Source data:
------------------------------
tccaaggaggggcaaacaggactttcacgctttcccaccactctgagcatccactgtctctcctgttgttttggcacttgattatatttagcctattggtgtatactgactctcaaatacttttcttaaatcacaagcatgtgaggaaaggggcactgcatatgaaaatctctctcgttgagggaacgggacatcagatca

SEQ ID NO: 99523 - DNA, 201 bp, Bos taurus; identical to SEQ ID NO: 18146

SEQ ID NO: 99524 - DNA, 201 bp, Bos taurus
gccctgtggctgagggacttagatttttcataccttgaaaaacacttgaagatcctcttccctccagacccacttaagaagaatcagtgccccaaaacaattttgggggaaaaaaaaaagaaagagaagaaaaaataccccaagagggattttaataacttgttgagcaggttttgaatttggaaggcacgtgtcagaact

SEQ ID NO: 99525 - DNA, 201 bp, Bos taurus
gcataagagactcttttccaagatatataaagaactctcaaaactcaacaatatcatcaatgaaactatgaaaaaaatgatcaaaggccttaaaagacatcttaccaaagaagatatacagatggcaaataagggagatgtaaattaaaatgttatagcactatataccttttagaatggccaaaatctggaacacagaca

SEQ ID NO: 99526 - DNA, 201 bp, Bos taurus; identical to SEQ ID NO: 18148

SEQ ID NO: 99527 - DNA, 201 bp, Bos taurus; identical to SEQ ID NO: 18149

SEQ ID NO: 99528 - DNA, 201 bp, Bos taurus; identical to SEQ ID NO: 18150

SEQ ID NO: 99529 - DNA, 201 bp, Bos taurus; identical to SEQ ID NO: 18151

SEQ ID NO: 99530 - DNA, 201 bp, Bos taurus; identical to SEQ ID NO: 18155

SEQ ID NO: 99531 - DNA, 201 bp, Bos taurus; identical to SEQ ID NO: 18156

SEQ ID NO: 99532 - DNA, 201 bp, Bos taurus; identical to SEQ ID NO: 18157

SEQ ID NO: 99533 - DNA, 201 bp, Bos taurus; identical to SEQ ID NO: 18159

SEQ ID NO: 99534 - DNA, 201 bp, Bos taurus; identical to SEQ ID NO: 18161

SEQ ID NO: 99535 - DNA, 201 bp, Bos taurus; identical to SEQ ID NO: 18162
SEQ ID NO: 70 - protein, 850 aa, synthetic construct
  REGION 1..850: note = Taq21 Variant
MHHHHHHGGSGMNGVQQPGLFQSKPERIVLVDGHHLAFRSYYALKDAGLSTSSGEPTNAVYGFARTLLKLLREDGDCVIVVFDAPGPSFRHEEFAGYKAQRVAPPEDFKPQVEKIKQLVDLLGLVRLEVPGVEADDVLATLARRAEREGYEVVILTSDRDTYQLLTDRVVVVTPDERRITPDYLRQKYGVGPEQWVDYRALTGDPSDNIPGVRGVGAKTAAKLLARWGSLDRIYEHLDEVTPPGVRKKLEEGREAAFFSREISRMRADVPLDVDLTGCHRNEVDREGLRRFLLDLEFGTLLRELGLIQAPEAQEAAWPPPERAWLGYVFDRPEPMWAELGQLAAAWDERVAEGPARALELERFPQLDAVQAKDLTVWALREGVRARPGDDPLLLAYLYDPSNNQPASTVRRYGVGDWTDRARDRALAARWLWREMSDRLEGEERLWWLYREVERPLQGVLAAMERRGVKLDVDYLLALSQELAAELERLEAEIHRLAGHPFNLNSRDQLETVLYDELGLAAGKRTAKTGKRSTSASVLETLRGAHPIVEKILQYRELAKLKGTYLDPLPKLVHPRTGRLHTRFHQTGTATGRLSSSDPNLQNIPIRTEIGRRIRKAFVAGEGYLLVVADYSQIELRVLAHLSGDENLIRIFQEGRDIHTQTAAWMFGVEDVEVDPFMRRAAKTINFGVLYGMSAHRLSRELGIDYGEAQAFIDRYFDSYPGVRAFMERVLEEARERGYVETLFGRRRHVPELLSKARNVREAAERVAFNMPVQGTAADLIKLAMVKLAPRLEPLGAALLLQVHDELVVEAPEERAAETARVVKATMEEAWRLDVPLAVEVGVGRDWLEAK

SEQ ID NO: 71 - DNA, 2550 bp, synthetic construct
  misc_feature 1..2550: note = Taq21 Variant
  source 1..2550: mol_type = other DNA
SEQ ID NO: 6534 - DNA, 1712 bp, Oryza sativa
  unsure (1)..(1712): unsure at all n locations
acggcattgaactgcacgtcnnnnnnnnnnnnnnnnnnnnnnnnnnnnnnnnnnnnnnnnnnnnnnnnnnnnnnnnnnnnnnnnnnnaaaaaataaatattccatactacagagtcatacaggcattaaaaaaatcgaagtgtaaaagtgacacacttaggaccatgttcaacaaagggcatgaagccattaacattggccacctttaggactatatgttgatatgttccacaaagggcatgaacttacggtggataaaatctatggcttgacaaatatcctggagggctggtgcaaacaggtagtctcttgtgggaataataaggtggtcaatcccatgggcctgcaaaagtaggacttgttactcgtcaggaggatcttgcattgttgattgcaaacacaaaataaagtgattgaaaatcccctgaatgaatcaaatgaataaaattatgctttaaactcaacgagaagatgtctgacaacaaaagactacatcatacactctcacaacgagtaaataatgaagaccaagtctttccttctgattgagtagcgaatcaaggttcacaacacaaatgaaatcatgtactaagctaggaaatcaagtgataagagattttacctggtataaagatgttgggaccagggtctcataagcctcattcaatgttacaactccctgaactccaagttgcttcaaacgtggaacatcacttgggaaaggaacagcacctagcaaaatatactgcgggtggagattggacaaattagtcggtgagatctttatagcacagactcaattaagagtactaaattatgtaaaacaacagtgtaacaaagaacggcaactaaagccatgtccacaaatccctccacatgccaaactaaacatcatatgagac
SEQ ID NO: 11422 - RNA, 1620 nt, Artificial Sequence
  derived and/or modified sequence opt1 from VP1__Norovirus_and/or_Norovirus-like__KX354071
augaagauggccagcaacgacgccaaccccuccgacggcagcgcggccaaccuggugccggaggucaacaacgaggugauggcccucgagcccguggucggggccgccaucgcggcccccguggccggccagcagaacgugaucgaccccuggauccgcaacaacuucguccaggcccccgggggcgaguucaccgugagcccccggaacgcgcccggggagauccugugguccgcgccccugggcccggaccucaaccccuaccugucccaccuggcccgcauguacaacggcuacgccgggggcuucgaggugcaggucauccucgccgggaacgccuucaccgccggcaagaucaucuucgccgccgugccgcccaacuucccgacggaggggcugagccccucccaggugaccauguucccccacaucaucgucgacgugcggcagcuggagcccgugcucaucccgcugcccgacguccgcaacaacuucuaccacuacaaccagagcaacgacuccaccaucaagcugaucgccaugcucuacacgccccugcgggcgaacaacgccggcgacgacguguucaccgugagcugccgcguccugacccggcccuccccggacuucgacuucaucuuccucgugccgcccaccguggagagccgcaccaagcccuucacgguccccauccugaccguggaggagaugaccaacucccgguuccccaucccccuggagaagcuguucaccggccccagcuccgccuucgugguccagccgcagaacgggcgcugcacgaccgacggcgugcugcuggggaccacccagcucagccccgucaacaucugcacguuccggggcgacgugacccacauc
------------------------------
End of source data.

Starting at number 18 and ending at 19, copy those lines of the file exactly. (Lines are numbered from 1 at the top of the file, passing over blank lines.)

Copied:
  REGION 1..850: note = Taq21 Variant
MHHHHHHGGSGMNGVQQPGLFQSKPERIVLVDGHHLAFRSYYALKDAGLSTSSGEPTNAVYGFARTLLKLLREDGDCVIVVFDAPGPSFRHEEFAGYKAQRVAPPEDFKPQVEKIKQLVDLLGLVRLEVPGVEADDVLATLARRAEREGYEVVILTSDRDTYQLLTDRVVVVTPDERRITPDYLRQKYGVGPEQWVDYRALTGDPSDNIPGVRGVGAKTAAKLLARWGSLDRIYEHLDEVTPPGVRKKLEEGREAAFFSREISRMRADVPLDVDLTGCHRNEVDREGLRRFLLDLEFGTLLRELGLIQAPEAQEAAWPPPERAWLGYVFDRPEPMWAELGQLAAAWDERVAEGPARALELERFPQLDAVQAKDLTVWALREGVRARPGDDPLLLAYLYDPSNNQPASTVRRYGVGDWTDRARDRALAARWLWREMSDRLEGEERLWWLYREVERPLQGVLAAMERRGVKLDVDYLLALSQELAAELERLEAEIHRLAGHPFNLNSRDQLETVLYDELGLAAGKRTAKTGKRSTSASVLETLRGAHPIVEKILQYRELAKLKGTYLDPLPKLVHPRTGRLHTRFHQTGTATGRLSSSDPNLQNIPIRTEIGRRIRKAFVAGEGYLLVVADYSQIELRVLAHLSGDENLIRIFQEGRDIHTQTAAWMFGVEDVEVDPFMRRAAKTINFGVLYGMSAHRLSRELGIDYGEAQAFIDRYFDSYPGVRAFMERVLEEARERGYVETLFGRRRHVPELLSKARNVREAAERVAFNMPVQGTAADLIKLAMVKLAPRLEPLGAALLLQVHDELVVEAPEERAAETARVVKATMEEAWRLDVPLAVEVGVGRDWLEAK